Lieutenant Jock Lewes, pictured, armed his men with bombs that he had made himself and taught them to parachute behind enemy lines in the dead of night
As Britain was losing the war against Germany in the spring of 1941, one Oxford-educated officer was making his own plans for retaliation.
Lieutenant Jock Lewes armed his men with bombs that he had made himself and taught them to parachute behind enemy lines in the dead of night.
The 27-year-old guided them through a desert minefield laced with Nazi explosives. And as his soldiers trained in the soaring heat of the Middle East, the champagne-drinking officer made them shoot bullets towards each others’ heads to prepare them for the sounds of war.
Such was his innovation that after his death later in 1941, David Stirling – the man known as the founder of the Special Air Service – said that Lewes should in fact receive the credit.
He wrote to Lewes’s father Arthur: ‘Jock Lewes could far more genuinely claim to be the founder of the SAS than I.’
That letter, dated November 20, 1942, will go on display for the first time next year at an exhibition dedicated to the fighting force at the National Army Museum in London.
Jock’s nephew John Lewes reveals today his uncle’s little-told story of the birth of the unit whose exploits became the stuff of legend.
Mr Lewes, who has written A Spy After All, said: ‘Prince William said to me, ‘Jock Lewes is like the desert’s version of [polar explorer] Shackleton’. And in a sense that sums him up well.’
Jock Lewes is pictured (right) with Sir David Stirling, the official founder of the Special Air Service. Such was his innovation that after his death later in 1941, Sir David said that Lewes should in fact receive the credit
Sir David Stirling wrote to Lewes’s father Arthur: ‘Jock Lewes could far more genuinely claim to be the founder of the SAS than I’
He said the ‘spring of 1941 is where the embryo of the SAS began’, six months before its official inception on September 2.
Jock Lewes, a dashing Welsh Guards officer, had deployed with No 8 Commando to Suez and eventually on to Cairo.
In April, weeks after they arrived, Germany invaded Greece. And it was against this backdrop that Lewes decided to begin his own initiative.
Before the war he had spent time in Germany and had met officials from the main services, including the SS. His nephew said: ‘He knew how ambitious, how lethal, and how dangerous his opposite numbers were.’
So Lewes, a leading weapons training officer, started taking a group of the men out for training in the desert.
Jock, pictured left, even equipped his men with explosives he had made – a skill learnt from the age of ten when his father gave him and his brother David, pictured right, a chemistry set
In June 1941 Lieutenant David Stirling asked to join Jock in the desert. And in August he presented Lewes’s SAS concept to their commanders. In his letter to Jock’s father Arthur (pictured), Stirling wrote: ‘This proposal was largely based on Jock’s ideas and was merely an application of them on a unit basis’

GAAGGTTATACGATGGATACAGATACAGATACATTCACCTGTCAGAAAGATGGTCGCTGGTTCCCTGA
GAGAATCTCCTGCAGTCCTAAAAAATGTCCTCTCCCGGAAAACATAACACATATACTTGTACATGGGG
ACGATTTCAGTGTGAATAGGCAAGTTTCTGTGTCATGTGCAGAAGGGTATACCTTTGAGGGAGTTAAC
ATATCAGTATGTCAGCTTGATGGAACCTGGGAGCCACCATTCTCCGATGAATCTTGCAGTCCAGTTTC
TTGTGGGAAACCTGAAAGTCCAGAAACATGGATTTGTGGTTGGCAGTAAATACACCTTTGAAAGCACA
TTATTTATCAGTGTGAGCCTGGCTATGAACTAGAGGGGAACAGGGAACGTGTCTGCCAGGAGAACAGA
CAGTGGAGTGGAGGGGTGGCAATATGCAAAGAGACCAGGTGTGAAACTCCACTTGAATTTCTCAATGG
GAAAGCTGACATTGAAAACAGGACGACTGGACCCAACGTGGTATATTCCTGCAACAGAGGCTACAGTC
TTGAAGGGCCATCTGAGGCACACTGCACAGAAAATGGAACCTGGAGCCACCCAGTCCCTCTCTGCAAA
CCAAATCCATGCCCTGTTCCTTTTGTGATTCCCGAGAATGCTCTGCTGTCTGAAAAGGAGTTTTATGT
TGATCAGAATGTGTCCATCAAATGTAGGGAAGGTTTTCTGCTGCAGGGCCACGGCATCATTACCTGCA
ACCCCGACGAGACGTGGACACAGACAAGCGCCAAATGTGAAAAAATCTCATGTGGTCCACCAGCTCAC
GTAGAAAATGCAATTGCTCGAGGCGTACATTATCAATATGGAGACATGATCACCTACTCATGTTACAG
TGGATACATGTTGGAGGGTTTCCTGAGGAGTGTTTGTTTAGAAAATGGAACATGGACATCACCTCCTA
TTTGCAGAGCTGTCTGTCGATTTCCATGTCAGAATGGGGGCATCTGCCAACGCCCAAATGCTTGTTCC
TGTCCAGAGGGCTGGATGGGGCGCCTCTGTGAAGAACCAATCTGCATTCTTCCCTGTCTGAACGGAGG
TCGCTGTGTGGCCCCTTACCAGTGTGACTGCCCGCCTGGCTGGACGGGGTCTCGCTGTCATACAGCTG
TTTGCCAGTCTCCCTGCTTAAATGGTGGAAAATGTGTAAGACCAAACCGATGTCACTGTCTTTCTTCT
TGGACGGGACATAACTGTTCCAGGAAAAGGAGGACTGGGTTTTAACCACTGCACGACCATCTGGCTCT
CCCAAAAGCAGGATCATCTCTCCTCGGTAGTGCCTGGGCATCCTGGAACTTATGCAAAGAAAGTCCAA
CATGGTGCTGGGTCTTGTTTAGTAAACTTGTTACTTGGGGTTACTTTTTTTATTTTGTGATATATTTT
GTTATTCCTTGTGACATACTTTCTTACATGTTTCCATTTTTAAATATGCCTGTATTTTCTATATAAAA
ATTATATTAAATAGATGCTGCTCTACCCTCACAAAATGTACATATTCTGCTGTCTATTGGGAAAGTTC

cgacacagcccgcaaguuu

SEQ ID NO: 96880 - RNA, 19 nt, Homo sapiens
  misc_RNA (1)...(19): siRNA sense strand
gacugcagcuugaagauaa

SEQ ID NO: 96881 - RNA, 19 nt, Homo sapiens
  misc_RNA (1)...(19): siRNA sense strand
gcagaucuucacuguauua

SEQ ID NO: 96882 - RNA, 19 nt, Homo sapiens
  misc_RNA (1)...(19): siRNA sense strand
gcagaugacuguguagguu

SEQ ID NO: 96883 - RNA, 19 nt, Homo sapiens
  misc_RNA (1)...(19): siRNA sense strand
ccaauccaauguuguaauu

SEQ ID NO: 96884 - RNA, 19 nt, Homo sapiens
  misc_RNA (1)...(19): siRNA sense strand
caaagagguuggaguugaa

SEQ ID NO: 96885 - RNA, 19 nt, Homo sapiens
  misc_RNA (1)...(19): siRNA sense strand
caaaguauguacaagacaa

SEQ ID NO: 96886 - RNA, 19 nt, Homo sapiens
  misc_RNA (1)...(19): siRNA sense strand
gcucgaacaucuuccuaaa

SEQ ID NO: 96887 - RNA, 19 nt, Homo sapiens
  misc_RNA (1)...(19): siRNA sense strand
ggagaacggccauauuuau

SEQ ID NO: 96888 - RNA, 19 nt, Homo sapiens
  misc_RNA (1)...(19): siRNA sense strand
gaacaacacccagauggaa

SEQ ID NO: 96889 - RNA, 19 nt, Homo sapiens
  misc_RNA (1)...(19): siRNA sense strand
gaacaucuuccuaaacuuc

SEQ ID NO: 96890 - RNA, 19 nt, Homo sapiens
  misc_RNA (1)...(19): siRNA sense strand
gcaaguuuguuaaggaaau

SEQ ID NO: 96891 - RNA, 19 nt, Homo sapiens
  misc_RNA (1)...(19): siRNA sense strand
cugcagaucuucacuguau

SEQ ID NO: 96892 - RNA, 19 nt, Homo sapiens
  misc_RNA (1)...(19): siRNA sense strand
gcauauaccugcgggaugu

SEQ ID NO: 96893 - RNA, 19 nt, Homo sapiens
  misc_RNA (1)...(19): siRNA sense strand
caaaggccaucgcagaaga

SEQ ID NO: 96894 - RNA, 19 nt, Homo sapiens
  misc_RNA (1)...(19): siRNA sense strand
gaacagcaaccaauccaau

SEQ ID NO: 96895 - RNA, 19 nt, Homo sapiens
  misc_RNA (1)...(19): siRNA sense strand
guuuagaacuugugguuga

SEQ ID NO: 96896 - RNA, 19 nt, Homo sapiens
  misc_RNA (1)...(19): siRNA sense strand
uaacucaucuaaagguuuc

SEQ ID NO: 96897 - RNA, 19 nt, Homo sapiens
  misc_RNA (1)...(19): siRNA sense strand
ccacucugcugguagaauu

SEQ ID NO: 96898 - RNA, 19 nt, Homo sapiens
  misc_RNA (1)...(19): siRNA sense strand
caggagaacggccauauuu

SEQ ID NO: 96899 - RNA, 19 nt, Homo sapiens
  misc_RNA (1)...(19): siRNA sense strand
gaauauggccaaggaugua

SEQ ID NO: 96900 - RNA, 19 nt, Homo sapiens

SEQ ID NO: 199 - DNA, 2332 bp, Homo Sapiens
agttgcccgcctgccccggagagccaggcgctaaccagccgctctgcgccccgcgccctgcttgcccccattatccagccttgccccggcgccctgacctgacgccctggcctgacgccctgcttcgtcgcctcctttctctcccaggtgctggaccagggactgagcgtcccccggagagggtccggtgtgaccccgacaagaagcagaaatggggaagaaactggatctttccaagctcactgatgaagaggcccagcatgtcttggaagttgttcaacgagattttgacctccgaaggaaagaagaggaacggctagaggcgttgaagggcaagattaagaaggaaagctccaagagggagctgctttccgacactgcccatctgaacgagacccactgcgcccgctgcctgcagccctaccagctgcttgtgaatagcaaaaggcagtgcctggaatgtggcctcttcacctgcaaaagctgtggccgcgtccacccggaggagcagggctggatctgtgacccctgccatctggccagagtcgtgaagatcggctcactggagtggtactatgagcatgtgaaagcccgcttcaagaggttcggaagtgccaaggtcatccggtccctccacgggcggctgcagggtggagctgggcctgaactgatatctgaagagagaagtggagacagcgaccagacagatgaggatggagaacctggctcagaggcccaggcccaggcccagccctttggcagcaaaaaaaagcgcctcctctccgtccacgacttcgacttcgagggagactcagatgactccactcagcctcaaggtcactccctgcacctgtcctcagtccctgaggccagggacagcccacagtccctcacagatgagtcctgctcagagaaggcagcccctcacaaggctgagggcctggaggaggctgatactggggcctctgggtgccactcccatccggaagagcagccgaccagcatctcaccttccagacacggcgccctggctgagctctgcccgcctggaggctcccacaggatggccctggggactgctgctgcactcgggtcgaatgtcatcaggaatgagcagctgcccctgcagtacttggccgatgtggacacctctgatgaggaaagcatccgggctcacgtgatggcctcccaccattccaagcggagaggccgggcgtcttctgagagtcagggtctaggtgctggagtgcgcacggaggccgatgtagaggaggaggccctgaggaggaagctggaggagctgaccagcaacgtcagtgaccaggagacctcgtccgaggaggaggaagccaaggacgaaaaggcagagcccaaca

He learned to parachute by borrowing a postal plane and taught six commandos how to use the stars to navigate. Mr Lewes said: ‘He got men to parachute having never been taught to parachute in his life.
‘The post plane was difficult to parachute out of – there’s a danger your parachute will snag on the tail. He envisaged night raids, not daytime ones like the Nazis, and so navigation was going to have to be very good.’
He even equipped his men with explosives he had made – a skill learnt from the age of ten when his father gave him and his brother a chemistry set. ‘He had been blowing things up since he was ten. His brother had blown up the neighbours’ post box,’ Mr Lewes added.
Jock’s nephew John Lewes, pictured, has revealed his uncle’s little-told story of the birth of the unit whose exploits became the stuff of legend
In June 1941 Lieutenant David Stirling, who had similar ideas to Lewes, asked to join him in the desert. And in August he presented Lewes’s SAS concept to their commanders.
In his letter to Arthur Lewes, Stirling wrote: ‘This proposal was largely based on Jock’s ideas and was merely an application of them on a unit basis.
‘ME (Middle East HQ) instructed me to form a unit on the lines of Jock’s ideas. In fact, I built the unit around him.’
Stirling was granted a force of 60 men to train and on September 2, 1941, they were officially recognised as ‘L’ Detachment of the Special Air Service Brigade.
A month later Lewes wrote to his girlfriend, Mirren Barford, saying he wanted to marry her.
But on December 30 he was killed by a German aircraft while on an operation in Libya.
‘My uncle managed to say one word, ‘Mirren’, and then he died,’ Mr Lewes said. He never received the letter Mirren had written back, saying yes to his proposal.